- Listen. Listening, and responding to what the other person is saying, can help you get a feel for what he or she thinks or feels about an issue, what he or she knows and can be a path to discussion.
- Be honest. Give straightforward and honest information and address all the issues. Honesty builds trust. Avoidance, in whole or in part, may lead to continued—or escalated—problems or to the person having to seek information elsewhere and being misinformed. You don’t have to give every single detail, but cover the important points.
- Be patient. Allow the other person to set a pace that’s comfortable for him or her, formulate his or her thoughts and put those thoughts into words. In some cases, the other person may need some time to absorb and reflect on what he or she has learned. In this case, you may need to continue the discussion later and address any lingering questions or issues.
- Be prepared for a negative response. Remember that the issue may be difficult for the other person to deal with. You cannot control the other person’s reactions, but you can anticipate them, and be emotionally ready.
- Take a step back. If the discussion is escalating into hostility, take a short break from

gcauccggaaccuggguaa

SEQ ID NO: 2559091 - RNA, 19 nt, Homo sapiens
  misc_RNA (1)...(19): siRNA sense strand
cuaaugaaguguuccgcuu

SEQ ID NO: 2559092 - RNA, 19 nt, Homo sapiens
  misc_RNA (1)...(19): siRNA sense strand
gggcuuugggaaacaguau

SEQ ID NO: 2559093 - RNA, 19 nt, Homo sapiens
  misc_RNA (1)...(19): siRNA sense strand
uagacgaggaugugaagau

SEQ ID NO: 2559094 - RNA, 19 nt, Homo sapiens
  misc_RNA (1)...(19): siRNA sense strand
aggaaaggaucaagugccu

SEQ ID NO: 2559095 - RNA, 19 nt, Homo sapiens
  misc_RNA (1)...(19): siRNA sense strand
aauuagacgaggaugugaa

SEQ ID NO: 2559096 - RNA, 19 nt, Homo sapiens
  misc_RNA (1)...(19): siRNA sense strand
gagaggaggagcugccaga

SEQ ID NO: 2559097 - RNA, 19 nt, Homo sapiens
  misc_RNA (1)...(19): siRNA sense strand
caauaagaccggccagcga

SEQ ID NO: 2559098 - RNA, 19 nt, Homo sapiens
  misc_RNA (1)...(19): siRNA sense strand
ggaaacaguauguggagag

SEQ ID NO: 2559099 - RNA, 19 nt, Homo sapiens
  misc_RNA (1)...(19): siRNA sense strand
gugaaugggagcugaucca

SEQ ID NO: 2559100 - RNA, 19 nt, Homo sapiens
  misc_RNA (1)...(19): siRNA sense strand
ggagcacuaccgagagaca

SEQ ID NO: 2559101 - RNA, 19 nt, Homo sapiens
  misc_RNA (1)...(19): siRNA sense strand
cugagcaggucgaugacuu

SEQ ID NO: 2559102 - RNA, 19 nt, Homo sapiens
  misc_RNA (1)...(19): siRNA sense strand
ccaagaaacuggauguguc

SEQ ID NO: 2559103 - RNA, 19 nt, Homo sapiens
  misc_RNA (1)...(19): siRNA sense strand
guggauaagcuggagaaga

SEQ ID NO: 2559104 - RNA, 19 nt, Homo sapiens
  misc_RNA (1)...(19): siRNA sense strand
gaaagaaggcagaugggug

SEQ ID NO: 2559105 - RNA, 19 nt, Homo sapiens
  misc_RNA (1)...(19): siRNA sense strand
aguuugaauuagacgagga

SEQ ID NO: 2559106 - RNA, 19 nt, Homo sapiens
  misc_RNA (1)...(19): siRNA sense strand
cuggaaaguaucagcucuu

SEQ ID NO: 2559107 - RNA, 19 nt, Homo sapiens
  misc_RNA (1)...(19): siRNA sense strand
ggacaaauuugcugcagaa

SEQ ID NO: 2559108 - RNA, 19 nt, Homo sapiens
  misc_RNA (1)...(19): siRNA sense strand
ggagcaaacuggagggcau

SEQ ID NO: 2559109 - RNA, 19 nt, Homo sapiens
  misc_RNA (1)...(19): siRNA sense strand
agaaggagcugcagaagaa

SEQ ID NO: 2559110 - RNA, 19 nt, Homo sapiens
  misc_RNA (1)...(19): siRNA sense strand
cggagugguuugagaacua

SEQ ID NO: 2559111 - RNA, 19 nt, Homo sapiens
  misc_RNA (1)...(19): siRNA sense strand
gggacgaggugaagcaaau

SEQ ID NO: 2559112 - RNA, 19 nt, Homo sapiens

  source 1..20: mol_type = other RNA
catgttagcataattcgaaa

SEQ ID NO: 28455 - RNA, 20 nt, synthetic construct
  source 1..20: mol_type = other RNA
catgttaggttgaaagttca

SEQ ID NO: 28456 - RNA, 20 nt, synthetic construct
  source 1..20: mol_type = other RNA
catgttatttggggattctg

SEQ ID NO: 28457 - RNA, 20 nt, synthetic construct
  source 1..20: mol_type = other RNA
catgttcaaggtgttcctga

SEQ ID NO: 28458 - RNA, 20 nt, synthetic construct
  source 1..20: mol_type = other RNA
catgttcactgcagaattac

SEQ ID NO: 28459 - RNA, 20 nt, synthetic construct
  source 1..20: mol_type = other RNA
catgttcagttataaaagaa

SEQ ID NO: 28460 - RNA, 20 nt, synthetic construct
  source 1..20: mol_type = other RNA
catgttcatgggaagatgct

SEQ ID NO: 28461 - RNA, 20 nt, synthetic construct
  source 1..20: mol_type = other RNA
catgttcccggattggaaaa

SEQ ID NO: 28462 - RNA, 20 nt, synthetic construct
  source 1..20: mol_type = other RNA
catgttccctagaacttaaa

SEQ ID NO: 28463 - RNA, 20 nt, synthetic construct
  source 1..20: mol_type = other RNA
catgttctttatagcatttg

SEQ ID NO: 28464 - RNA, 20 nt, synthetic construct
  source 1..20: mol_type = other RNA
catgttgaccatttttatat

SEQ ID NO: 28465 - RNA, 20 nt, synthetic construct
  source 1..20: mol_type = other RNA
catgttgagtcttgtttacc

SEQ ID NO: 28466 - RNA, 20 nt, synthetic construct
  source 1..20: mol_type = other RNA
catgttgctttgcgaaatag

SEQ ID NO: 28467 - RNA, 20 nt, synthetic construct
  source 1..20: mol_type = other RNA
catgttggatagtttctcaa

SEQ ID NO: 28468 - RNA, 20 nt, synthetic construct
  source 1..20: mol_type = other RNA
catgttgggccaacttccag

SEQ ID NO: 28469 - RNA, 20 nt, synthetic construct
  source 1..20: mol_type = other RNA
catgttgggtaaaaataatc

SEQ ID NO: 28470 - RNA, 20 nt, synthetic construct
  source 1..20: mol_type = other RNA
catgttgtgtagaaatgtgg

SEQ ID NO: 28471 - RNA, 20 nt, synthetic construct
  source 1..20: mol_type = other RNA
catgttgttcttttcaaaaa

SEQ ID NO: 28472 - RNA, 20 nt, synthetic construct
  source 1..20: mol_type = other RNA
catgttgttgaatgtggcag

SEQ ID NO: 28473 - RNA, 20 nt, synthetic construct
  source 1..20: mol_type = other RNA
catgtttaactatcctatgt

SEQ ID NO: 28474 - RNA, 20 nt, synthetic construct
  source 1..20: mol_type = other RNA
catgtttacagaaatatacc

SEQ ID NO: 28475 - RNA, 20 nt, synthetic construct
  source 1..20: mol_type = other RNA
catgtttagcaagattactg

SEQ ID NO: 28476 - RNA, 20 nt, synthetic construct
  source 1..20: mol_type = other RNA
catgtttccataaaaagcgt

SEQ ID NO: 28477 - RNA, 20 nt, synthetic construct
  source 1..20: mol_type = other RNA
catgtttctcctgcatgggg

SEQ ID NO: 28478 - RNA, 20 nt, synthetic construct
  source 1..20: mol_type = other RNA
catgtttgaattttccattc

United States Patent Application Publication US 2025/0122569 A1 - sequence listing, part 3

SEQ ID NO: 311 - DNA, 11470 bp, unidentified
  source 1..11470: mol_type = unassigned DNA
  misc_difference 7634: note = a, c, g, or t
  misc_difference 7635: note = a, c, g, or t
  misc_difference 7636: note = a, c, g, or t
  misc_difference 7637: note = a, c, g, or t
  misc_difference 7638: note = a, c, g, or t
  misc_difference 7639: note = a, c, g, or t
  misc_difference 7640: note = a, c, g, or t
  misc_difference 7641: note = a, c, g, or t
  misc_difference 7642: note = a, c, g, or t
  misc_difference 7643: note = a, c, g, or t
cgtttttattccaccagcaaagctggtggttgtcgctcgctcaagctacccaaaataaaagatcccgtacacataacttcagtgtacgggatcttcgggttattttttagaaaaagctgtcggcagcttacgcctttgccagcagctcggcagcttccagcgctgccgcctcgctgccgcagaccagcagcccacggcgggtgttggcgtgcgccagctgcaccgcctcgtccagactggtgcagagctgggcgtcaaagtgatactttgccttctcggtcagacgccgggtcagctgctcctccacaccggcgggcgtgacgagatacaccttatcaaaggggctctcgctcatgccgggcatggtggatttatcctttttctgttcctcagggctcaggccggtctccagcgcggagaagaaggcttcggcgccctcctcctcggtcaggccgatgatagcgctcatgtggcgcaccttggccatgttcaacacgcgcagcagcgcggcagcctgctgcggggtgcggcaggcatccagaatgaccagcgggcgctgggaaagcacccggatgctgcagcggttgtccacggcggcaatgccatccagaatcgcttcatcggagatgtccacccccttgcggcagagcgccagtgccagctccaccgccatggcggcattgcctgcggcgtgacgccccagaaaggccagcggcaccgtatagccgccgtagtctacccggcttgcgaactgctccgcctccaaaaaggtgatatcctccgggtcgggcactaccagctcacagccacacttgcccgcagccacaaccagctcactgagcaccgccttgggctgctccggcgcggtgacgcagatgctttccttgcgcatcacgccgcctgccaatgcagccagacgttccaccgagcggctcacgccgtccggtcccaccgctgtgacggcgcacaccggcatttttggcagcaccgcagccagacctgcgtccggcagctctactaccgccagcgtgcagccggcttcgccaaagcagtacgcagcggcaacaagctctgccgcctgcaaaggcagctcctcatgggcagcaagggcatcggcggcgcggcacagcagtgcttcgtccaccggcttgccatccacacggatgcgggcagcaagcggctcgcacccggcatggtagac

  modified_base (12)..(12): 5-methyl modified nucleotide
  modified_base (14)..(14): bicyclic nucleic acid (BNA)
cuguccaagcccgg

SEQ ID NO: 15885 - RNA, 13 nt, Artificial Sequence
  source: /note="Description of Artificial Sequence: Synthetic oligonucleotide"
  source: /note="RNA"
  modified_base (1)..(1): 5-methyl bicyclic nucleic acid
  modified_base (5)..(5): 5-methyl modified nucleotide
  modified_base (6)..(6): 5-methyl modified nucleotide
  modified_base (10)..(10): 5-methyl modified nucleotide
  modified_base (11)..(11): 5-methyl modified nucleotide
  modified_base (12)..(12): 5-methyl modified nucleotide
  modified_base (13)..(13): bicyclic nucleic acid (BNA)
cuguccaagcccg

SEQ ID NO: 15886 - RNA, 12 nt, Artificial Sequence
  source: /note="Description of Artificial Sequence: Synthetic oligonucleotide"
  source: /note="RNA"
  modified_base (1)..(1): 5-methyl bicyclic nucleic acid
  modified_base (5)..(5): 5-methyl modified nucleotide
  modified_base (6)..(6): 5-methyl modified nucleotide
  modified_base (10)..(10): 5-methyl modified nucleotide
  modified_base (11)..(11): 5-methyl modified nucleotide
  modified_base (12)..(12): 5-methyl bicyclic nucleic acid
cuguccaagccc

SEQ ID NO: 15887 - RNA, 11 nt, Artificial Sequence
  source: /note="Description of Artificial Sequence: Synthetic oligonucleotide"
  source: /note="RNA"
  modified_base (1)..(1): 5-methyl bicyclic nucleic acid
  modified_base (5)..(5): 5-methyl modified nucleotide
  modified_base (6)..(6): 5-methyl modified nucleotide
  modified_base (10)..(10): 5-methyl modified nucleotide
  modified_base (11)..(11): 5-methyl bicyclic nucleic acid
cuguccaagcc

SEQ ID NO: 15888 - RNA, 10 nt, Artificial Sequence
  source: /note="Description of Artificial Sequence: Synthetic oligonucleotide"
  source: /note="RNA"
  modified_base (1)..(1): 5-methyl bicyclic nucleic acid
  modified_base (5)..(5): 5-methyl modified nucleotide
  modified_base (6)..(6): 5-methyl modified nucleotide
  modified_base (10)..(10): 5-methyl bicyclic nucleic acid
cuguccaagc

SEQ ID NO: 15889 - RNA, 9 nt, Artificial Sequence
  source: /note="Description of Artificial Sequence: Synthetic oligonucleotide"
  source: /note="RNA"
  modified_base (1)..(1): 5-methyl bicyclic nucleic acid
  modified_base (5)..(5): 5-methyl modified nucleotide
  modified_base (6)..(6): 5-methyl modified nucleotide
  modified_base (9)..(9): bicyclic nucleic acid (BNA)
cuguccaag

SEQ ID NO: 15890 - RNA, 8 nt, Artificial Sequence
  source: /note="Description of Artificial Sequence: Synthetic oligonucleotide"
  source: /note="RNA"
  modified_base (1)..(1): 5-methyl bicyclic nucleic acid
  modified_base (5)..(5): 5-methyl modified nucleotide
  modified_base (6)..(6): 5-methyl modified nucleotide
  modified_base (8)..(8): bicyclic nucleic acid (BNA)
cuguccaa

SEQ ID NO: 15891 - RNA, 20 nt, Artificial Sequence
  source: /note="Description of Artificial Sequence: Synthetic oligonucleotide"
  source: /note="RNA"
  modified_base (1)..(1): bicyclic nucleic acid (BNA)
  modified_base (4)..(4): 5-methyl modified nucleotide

it. Agree on a set time to resume the discussion and be sure that you do.
Developing Opportunities for Face-to-Face Communication
Finding opportunities for in-person communication can be a challenge. In some cases, however, it is important to set aside quality, face-to-face time together to promote communication. Consider the following:
- Be available. Keep the lines of communication open. Make sure those who may need to contact you know how to reach you, e.g. work phone, cell phone, etc. When you are together take time out to talk, ask questions and have meaningful conversations.
- Make a commitment to your relationships. Make your relationships a priority. A relationship is a work in progress. It needs attention and effort to grow. No matter how busy you are, make time to spend quality time together, even if you have to schedule specific time slots on your calendars.
- Build structure. Part of being able to communicate effectively is making time for meaningful conversations in a setting free of distractions. Schedule time for face-to-face communication. Set a regular weekly meeting to catch-up and discuss any issues that have
arisen. Consider making at least one dinner a week mandatory for all family members, allowing no telephone interruptions or visits from friends. This gives family members a
chance to talk about what’s going on and to focus on each other.
- Seize the moment. Catch up whenever you have an opportunity, though this may require
some spontaneity. Being in a car together is almost always a good chance to talk; ordering
a pizza to share when you have a quiet night at home is another way to catch up.
- Eliminate distractions. Cutting down on distractions, such as the computer, the phone, radio and television, sets the stage for conversation. Try not to bury yourself in e-mail, the paper or a book when it’s possible to have real communication.
Reschedule and follow through. If someone wants to discuss something at a time when you can’t give your full attention, explain why you can’t talk, set a time to talk later, and then carry through.
Source: U.S. Department of Health and Human Services: www.wfm.noaa.gov